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Charles Guiteau Trial


Guiteau's trial was one of the first murder trials in which the defendant's claim of insanity was subjected to the modern legal test: namely, whether or not Guiteau understood that his actions were wrong.

Less than 20 years after Abraham Lincoln was shot by John Wilkes Booth, the United States would see another president assassinated. James A. Garfield, a Union major general, had a distinguished military career, which he capitalized on even before the war ended, getting elected to the House of Representatives in 1863. Garfield was a successful politician, becoming the House Republican leader in 1876. Garfield was known for his opposition to President Ulysses S. Grant, a Republican whose scandal-ridden administration and flawed policies had alienated many of his fellow party members such as Garfield. In 1880, Garfield was the Republican candidate for president and won the election.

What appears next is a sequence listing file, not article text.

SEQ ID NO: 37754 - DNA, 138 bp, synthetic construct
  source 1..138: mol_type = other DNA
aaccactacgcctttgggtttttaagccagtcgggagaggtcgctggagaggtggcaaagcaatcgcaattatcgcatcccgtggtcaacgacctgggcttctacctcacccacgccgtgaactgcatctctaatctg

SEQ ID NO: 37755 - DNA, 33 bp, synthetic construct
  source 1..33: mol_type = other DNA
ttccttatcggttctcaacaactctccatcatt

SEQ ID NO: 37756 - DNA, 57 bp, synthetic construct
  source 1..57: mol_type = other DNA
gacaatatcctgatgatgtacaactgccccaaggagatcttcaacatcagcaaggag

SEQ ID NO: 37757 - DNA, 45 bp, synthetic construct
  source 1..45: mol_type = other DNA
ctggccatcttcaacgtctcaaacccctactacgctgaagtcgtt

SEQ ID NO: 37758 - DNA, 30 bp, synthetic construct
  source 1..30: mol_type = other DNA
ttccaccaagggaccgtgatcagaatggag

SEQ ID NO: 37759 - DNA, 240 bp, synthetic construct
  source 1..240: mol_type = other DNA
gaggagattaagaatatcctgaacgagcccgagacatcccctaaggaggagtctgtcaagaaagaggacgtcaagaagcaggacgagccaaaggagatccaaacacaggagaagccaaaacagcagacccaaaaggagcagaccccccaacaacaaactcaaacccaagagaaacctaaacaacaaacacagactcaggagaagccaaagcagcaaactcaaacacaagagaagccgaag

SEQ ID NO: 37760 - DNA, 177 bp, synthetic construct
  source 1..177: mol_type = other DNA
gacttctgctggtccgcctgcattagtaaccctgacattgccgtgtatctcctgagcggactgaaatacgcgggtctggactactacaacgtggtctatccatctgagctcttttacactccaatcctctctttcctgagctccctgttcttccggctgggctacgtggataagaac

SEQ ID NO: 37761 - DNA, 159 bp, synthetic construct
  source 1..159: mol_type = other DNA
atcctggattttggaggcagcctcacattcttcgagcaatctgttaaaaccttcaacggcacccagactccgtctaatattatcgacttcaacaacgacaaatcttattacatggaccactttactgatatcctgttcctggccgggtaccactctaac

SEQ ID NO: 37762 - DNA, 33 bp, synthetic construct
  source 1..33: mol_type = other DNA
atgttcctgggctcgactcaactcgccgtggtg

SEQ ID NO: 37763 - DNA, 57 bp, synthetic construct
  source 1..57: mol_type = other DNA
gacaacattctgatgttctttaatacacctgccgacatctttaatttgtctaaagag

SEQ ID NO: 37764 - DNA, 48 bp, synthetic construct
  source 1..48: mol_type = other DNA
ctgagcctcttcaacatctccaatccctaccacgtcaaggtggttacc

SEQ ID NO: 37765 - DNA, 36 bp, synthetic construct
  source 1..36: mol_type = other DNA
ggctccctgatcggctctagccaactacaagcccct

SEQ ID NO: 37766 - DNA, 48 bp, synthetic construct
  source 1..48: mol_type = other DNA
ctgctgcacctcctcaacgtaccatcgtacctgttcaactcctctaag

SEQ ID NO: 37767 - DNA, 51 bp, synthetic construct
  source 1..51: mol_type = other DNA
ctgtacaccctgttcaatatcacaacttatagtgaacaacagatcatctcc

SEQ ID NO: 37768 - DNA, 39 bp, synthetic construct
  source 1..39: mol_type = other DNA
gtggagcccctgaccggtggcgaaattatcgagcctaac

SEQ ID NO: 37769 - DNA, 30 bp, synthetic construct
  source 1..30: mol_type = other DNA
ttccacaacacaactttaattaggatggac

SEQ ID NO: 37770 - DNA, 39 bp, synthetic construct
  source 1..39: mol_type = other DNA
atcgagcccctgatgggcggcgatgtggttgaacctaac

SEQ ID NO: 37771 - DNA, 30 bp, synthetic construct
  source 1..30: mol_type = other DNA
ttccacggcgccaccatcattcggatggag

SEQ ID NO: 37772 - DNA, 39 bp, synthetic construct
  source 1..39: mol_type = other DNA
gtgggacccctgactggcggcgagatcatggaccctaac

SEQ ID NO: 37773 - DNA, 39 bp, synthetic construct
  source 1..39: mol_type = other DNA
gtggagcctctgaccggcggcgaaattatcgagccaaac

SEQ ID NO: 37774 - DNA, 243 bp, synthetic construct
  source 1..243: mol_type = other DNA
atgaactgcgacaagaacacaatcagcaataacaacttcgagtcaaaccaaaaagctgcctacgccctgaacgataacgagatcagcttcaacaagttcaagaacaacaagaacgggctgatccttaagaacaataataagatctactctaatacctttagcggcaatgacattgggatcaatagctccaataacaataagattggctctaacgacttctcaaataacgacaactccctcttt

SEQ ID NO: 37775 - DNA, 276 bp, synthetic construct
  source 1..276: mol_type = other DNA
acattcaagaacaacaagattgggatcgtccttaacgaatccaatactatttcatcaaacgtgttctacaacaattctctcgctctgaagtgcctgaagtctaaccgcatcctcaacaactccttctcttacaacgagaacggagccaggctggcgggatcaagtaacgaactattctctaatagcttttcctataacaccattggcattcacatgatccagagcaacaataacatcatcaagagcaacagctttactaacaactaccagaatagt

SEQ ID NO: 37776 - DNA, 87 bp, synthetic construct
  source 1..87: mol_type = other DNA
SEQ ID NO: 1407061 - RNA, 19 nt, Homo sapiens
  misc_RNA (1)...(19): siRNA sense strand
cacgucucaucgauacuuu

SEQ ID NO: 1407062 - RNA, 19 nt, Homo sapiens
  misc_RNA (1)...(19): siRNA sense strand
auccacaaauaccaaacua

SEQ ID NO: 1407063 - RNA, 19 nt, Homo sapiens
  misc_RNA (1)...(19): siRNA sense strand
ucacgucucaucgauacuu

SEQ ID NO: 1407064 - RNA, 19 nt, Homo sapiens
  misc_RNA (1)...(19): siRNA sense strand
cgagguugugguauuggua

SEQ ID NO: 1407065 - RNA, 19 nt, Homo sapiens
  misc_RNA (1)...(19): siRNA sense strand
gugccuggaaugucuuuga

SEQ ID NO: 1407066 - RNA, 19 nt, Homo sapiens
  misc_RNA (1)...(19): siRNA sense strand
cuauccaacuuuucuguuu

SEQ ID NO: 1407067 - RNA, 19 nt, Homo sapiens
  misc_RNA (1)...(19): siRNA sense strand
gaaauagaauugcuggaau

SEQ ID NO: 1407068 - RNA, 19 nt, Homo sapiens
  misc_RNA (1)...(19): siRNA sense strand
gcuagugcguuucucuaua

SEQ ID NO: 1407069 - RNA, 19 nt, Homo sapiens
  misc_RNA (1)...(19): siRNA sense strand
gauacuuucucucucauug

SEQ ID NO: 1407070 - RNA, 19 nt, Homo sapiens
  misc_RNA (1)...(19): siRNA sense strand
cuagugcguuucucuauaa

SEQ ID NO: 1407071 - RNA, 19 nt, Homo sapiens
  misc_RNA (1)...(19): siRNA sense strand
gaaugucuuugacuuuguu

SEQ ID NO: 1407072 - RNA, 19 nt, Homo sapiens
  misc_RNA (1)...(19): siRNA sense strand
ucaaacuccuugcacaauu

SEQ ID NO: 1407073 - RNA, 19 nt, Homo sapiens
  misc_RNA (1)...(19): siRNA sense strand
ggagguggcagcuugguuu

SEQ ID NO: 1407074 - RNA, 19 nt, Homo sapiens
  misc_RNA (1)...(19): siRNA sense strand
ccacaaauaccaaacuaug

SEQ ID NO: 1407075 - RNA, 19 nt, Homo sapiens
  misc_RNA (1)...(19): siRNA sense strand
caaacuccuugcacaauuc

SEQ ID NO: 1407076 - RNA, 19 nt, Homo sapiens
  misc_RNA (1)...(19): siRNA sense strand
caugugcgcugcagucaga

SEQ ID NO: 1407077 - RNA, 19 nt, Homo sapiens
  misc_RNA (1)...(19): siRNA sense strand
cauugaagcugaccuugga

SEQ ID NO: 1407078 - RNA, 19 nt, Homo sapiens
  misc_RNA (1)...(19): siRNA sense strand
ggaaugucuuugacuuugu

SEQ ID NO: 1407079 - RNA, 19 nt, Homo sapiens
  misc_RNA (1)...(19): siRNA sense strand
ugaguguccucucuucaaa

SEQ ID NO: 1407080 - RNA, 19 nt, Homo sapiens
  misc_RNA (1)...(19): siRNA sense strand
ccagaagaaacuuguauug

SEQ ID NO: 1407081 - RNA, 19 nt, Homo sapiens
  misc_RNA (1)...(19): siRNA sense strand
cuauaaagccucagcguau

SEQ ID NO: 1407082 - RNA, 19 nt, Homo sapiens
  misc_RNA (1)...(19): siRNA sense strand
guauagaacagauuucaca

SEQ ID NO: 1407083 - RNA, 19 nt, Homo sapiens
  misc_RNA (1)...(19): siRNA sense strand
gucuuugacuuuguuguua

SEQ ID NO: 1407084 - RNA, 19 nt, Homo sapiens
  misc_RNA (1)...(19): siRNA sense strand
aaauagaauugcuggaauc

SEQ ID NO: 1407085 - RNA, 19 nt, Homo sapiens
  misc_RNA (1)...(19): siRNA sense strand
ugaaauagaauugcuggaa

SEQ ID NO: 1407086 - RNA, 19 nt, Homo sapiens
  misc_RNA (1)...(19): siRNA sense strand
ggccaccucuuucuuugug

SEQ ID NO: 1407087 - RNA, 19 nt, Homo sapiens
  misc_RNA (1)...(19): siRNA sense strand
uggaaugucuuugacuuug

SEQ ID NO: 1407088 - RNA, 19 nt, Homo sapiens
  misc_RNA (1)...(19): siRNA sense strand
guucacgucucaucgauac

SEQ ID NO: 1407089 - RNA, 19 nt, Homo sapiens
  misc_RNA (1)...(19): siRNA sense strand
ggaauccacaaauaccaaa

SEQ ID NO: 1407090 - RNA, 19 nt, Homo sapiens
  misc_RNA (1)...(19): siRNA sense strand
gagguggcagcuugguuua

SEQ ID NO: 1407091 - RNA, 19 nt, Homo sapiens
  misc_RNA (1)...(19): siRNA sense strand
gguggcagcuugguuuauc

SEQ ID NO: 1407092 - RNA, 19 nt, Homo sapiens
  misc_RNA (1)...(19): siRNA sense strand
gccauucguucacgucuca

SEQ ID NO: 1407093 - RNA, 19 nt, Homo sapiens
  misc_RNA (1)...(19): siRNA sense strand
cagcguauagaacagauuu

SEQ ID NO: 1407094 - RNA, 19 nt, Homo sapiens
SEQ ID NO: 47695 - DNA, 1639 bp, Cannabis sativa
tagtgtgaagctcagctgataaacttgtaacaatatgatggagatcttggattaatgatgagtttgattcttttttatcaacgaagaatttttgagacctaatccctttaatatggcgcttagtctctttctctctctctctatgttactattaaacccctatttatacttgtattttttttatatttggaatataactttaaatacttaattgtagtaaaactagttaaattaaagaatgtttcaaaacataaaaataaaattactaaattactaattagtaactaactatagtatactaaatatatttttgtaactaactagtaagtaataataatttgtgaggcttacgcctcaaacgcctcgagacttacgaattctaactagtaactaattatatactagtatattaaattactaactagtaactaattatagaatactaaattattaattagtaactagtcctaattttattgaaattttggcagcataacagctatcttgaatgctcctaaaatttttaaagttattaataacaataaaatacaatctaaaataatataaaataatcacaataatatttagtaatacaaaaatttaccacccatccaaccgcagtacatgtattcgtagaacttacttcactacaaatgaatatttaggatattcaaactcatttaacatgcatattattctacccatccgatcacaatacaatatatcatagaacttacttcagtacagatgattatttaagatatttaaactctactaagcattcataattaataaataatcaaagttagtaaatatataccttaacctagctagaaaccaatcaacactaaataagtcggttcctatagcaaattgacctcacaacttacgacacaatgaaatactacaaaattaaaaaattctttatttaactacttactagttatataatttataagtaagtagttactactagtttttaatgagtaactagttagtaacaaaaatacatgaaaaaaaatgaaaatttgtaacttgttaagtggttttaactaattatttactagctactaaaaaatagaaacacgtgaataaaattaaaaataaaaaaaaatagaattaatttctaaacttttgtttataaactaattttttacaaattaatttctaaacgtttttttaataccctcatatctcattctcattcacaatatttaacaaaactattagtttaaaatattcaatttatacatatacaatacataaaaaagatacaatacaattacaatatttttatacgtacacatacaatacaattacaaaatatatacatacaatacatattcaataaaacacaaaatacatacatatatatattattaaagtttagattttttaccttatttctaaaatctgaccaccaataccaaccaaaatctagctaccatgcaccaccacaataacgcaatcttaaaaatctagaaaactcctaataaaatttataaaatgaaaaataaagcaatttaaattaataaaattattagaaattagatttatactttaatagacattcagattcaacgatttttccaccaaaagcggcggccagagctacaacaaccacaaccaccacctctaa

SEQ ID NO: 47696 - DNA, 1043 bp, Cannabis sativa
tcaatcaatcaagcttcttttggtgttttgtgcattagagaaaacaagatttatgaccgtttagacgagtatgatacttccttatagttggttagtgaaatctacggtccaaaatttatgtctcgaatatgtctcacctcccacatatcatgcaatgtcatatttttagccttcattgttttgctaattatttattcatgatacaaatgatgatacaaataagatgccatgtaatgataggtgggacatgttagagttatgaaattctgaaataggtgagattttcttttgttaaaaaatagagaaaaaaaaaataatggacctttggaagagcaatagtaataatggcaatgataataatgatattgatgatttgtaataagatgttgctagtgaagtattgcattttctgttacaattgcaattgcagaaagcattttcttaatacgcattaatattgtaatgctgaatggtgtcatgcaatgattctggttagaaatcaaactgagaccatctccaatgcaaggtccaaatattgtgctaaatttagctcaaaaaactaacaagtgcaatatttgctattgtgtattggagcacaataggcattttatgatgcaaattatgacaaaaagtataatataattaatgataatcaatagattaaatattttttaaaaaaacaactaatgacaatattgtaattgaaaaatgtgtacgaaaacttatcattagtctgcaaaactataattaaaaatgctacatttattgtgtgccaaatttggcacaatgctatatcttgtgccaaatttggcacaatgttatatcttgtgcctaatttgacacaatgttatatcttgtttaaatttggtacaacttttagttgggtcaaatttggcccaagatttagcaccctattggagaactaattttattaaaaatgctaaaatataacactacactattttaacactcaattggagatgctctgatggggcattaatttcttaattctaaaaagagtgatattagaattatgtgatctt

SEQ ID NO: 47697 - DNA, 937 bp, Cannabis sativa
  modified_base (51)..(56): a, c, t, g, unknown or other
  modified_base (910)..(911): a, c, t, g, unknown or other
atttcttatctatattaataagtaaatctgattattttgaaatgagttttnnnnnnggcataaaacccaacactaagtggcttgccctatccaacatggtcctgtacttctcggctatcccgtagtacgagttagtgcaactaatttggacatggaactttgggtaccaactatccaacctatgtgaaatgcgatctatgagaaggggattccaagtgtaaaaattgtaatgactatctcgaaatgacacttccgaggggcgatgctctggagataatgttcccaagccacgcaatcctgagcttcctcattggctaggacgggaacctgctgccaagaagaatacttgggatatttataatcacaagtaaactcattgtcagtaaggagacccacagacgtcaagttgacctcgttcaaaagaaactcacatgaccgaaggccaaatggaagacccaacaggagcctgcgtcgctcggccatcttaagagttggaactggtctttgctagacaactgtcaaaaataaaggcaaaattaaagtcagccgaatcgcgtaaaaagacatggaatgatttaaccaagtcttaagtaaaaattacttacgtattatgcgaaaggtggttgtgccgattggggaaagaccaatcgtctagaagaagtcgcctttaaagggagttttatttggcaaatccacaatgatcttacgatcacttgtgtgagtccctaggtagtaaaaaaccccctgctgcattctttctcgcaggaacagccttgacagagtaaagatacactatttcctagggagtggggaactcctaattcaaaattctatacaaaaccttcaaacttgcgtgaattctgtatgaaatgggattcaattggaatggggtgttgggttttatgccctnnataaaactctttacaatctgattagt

Unfortunately for Garfield, his presidency had attracted the obsessive interest of one Charles Guiteau. Guiteau claimed to be a lawyer, and specialized in taking small claims court cases for an unheard-of 75 percent contingency fee. Guiteau's legal career never amounted to much, and he was frequently on the run from creditors seeking payment on overdue bills. He also toyed with various political causes, joining the Oneida Community and other experimental religious living communities that were springing up in the 1860s and 1870s. Guiteau tired of the communal life, and moved to Washington, D.C. where he joined the Garfield election campaign as a lowly staff member.

Additional topics

Law Library - American Law and Legal InformationNotable Trials and Court Cases - 1833 to 1882Charles Guiteau Trial - Significance, Guiteau Takes Revenge On Garfield For An Imaginary Insult, Was Guiteau Insane?, Insanity Plea